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Press Coverage: National Workshop on Forest Tenure and Policies in Lao PDR
Click here for the final agenda of the National Workshop on Forest Tenure and Policies in Lao PDR
Click here for a brief note on Lao WS on forest tenure and policies
Forest resources require protection
November 29, 2011
Forest tenure, regulations, laws and policies are important factors to
ensure the sustainable management and protection of forest resources.
A two-day workshop in Vientiane this week is focusing on these
aspects, as officials from the Department of Forestry of the Ministry
of Agriculture and Forestry discuss forest tenure and policies.
The workshop will review and reflect on the existing status of forest
tenure, policies, laws and regulations in Laos and provide inputs for
policy revision and planning processes, said Deputy Minister of
Agriculture and Forestry Dr Ty Phommasack.
It is also expected that the workshop will help in building a better
understanding of the desirability of forest policy change, tenure
reform and community rights amongst national stakeholders, and more
specific inputs and recommendations for the ongoing revision of forest
policies, laws and regulations will be provided.
Dr Ty said he hoped participants representing government agencies, the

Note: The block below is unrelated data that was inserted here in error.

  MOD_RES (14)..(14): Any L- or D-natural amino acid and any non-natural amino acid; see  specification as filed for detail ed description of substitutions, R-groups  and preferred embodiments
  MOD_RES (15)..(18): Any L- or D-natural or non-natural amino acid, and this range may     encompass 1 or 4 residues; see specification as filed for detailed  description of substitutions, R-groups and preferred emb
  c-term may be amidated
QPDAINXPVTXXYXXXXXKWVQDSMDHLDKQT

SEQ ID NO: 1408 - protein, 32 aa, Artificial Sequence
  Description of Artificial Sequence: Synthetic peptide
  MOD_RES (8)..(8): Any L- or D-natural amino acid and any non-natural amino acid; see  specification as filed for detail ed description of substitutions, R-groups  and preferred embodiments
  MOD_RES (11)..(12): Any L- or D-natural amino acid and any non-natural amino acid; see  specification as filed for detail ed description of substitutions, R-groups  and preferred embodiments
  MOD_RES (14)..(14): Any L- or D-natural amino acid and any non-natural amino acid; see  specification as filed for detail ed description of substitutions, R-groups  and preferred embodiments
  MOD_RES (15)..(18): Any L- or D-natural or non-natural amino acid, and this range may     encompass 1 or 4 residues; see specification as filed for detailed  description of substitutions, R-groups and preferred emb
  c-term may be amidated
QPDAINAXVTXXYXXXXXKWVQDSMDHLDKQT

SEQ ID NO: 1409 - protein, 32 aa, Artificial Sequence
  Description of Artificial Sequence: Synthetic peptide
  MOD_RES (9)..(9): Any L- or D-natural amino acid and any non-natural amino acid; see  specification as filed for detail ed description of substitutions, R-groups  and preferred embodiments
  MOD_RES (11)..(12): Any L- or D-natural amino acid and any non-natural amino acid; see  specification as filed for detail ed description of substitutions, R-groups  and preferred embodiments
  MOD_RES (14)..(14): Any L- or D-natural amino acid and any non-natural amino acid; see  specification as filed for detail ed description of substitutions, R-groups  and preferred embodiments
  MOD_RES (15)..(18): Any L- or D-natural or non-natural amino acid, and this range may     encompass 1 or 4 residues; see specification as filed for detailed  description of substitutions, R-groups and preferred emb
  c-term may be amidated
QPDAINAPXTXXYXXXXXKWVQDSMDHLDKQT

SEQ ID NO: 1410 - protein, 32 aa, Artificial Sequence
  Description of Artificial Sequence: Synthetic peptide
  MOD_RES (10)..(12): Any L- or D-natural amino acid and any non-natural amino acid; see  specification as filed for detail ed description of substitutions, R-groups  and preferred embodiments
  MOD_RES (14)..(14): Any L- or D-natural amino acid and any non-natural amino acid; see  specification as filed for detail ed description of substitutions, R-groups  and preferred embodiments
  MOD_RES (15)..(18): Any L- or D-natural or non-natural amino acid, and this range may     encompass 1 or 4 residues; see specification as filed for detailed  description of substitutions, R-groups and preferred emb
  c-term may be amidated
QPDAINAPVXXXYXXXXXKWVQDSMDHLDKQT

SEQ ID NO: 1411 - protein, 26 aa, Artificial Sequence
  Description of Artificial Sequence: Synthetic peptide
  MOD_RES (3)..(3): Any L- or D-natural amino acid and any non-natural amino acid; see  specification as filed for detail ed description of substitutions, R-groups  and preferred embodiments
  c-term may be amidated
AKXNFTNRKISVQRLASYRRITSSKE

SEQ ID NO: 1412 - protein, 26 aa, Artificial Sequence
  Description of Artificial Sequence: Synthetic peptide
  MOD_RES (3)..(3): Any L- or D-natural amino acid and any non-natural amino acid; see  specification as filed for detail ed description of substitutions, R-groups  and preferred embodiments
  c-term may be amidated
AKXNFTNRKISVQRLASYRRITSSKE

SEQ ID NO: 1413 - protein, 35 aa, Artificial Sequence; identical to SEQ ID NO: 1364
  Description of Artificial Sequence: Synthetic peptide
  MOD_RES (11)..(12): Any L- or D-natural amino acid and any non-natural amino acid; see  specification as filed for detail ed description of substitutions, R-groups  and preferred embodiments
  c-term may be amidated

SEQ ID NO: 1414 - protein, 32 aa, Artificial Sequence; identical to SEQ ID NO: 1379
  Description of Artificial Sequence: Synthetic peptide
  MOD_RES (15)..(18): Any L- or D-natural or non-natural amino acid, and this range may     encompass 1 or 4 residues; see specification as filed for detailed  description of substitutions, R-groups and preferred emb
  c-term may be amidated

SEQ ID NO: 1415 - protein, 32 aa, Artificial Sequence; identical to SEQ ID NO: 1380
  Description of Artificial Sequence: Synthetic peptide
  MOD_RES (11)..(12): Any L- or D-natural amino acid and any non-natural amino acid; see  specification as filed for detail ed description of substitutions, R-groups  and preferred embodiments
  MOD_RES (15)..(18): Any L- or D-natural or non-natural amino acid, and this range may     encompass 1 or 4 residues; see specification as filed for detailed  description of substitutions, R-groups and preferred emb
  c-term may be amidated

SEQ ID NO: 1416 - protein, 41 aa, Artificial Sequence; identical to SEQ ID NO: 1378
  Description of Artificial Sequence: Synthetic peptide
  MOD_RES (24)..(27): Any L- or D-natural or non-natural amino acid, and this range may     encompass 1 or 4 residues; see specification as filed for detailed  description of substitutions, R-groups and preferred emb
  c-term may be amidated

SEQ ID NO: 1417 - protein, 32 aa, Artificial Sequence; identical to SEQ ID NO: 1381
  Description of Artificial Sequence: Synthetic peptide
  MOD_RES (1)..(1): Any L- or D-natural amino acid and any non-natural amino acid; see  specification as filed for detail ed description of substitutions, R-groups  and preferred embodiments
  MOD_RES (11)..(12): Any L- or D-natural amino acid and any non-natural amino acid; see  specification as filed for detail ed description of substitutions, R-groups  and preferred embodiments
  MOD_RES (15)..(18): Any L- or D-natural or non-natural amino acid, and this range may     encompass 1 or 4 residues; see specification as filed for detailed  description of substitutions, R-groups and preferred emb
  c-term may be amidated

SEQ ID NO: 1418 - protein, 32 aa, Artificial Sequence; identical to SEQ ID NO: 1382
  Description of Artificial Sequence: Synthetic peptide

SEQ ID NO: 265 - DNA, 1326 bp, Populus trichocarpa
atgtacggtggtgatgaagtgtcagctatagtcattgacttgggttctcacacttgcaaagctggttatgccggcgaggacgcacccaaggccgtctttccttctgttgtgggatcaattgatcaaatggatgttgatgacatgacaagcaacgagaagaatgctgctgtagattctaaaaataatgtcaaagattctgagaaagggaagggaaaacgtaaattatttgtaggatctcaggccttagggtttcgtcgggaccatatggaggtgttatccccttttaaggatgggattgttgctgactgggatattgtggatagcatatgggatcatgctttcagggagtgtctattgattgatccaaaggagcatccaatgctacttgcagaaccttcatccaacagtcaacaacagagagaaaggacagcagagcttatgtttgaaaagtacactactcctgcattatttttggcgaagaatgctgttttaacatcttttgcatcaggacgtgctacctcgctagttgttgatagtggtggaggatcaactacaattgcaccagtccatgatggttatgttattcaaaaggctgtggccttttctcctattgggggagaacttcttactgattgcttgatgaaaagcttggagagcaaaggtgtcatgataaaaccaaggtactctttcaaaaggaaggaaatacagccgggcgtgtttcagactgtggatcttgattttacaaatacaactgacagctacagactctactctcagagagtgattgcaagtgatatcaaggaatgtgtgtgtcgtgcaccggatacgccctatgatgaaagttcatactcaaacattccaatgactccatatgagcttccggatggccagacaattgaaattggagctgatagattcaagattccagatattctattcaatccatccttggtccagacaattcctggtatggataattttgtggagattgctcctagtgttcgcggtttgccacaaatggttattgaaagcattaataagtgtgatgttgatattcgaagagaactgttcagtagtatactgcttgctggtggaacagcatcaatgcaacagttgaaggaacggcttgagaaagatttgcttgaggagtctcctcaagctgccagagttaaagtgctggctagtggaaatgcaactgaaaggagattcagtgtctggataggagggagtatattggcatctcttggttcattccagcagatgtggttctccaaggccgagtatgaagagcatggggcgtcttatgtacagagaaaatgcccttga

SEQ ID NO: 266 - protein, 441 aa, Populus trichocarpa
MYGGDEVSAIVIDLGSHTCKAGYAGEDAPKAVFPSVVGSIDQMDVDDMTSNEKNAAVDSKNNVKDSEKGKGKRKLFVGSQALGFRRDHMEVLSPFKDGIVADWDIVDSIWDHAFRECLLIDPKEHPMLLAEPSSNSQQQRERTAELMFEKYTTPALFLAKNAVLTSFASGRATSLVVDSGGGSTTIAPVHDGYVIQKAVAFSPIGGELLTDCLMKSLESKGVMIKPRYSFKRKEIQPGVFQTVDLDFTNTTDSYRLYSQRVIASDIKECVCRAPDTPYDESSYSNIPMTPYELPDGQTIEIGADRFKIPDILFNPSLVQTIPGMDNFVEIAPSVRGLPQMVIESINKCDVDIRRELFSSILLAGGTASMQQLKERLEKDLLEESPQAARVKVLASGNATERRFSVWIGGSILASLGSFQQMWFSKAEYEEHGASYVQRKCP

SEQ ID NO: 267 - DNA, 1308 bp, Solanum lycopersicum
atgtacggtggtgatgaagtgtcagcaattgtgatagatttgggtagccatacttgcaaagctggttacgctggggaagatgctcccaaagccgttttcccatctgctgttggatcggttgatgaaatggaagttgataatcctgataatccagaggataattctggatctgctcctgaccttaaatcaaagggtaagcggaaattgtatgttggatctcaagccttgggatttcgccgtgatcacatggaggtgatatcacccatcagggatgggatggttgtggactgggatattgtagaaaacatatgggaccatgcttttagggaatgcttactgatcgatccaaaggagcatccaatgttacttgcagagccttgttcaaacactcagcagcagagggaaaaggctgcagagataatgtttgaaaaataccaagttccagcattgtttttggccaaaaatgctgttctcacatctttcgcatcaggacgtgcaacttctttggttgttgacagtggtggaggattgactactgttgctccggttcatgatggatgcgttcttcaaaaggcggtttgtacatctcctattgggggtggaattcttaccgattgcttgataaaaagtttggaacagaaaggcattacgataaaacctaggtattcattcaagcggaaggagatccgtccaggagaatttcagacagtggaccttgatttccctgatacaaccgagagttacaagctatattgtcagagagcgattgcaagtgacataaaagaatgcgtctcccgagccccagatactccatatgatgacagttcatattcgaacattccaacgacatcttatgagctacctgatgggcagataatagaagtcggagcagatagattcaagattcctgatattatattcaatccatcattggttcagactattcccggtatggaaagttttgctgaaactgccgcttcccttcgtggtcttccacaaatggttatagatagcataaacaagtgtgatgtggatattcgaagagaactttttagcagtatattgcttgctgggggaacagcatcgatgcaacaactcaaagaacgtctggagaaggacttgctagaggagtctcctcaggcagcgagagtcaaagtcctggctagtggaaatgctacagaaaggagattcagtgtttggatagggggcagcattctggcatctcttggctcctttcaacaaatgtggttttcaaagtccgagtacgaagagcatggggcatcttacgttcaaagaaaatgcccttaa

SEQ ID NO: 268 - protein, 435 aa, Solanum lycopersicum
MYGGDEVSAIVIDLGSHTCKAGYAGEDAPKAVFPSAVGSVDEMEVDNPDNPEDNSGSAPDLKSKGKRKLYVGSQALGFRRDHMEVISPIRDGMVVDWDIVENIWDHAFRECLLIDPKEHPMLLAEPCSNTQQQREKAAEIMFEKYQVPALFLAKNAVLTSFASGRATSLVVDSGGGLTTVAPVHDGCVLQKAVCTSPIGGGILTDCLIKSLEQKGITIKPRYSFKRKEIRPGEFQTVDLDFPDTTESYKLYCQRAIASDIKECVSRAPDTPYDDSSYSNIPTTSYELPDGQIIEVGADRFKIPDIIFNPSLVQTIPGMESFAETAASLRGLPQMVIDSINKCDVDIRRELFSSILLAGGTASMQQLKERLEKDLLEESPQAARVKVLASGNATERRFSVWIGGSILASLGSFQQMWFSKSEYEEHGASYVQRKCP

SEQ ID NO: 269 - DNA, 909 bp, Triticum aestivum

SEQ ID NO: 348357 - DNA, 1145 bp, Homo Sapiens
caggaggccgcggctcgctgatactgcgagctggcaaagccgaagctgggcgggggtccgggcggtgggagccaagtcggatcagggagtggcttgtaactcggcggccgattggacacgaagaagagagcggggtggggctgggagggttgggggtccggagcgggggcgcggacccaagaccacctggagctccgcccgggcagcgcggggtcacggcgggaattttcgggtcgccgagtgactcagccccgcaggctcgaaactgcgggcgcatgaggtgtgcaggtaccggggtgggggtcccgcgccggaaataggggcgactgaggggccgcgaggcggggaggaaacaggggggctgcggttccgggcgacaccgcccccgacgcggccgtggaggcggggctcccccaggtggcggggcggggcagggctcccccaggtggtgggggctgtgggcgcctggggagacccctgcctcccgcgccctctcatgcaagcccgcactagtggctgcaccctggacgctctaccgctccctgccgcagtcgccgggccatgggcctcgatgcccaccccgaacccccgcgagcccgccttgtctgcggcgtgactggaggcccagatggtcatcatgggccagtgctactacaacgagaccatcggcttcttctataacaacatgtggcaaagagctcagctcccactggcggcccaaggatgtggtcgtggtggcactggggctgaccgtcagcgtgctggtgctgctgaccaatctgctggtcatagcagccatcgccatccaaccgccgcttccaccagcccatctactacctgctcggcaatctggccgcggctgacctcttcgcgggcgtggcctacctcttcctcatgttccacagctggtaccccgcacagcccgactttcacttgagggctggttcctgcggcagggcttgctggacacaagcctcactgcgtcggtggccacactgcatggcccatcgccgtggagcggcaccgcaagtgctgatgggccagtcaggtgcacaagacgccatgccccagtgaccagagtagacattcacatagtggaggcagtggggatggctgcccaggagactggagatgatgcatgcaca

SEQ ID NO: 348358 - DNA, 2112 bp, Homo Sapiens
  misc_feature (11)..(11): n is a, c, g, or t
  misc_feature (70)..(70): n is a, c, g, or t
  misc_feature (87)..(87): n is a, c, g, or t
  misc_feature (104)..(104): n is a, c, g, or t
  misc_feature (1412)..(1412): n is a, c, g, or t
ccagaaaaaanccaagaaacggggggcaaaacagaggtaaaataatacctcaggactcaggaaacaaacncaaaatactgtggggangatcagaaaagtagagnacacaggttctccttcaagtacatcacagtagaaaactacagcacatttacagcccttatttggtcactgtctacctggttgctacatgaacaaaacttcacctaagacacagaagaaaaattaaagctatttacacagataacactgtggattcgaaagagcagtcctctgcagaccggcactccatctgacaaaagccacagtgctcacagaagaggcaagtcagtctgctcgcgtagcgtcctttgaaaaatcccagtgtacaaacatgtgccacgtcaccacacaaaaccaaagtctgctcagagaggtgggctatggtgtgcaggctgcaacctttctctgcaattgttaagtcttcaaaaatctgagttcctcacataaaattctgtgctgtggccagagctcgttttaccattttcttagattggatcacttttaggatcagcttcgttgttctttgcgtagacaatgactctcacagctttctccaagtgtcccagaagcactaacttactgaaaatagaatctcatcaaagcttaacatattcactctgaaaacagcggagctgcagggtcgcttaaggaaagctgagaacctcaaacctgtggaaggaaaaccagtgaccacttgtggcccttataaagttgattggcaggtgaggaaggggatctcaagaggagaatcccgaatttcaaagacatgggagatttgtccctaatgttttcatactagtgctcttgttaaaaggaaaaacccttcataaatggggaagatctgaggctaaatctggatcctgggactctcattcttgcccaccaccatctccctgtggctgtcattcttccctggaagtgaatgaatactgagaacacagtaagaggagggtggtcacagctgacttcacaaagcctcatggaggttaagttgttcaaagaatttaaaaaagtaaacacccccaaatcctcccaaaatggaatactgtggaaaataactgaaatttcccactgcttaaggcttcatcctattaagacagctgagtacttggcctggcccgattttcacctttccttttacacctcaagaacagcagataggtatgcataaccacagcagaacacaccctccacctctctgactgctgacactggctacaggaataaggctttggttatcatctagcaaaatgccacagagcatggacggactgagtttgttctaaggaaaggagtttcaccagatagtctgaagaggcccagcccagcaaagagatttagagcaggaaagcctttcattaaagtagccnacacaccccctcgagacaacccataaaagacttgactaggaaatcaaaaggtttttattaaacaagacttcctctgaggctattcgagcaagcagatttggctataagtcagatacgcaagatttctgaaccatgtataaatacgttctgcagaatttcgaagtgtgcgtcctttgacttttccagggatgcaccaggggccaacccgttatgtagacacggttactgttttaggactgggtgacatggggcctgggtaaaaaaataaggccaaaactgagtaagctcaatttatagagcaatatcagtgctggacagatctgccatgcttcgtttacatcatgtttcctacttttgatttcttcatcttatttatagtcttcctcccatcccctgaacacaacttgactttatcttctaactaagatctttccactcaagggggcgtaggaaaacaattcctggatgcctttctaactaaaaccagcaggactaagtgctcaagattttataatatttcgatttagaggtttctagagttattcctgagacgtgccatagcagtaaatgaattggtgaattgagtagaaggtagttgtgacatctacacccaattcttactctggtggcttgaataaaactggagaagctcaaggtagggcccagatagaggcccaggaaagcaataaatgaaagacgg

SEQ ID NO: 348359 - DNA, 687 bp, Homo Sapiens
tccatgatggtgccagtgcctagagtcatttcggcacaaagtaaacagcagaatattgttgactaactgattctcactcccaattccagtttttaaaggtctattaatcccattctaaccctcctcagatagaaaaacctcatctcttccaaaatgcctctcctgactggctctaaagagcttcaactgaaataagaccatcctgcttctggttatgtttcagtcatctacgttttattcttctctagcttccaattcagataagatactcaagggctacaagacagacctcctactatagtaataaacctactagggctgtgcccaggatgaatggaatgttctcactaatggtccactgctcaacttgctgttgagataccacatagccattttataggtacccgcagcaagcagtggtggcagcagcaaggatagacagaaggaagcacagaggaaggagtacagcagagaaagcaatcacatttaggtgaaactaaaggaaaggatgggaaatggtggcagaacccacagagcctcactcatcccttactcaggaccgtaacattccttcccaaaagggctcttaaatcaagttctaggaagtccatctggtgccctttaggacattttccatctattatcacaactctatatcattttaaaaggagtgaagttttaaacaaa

National Assembly, civil society groups and international
organisations in Laos will share their experiences of re forming
The workshop aims to continue the process of learning about tenure
reform from various countries, reflect on the experience of senior Lao
officials' visit to China and determine the pathways to forest tenure
reform in Laos.
According to a report from FAO, Laos is one of the most forested
countries in South East Asia, with 68 percent of total land (15.54
million hectares) categorised as forest.
There is a great opportunity to use forest resources for the economic
development and livelihoods of local communities and indigenous people
in Laos, if it is properly managed and a clear tenure arrangement
established to enable local people to benefit optimally.
Government agencies along with international organisations have been
working to advance forest policies, national tenure and rights agenda
for the last three decades. There is now a strong political will to
reform forest tenure and related rights in Laos.
Recent issuance of communal land titling in Sangthong district is
evidence of a government move toward diversification of tenure rights
over forests and woodlands.
The recent government decision to revise forest policies, laws and
regulations pertaining to forests, land and mining in Laos, and
related restructuring of government institutions are indicative of the
serious intent of the government.
Posted By Angela Strader at 1:59pm on December 02, 2011
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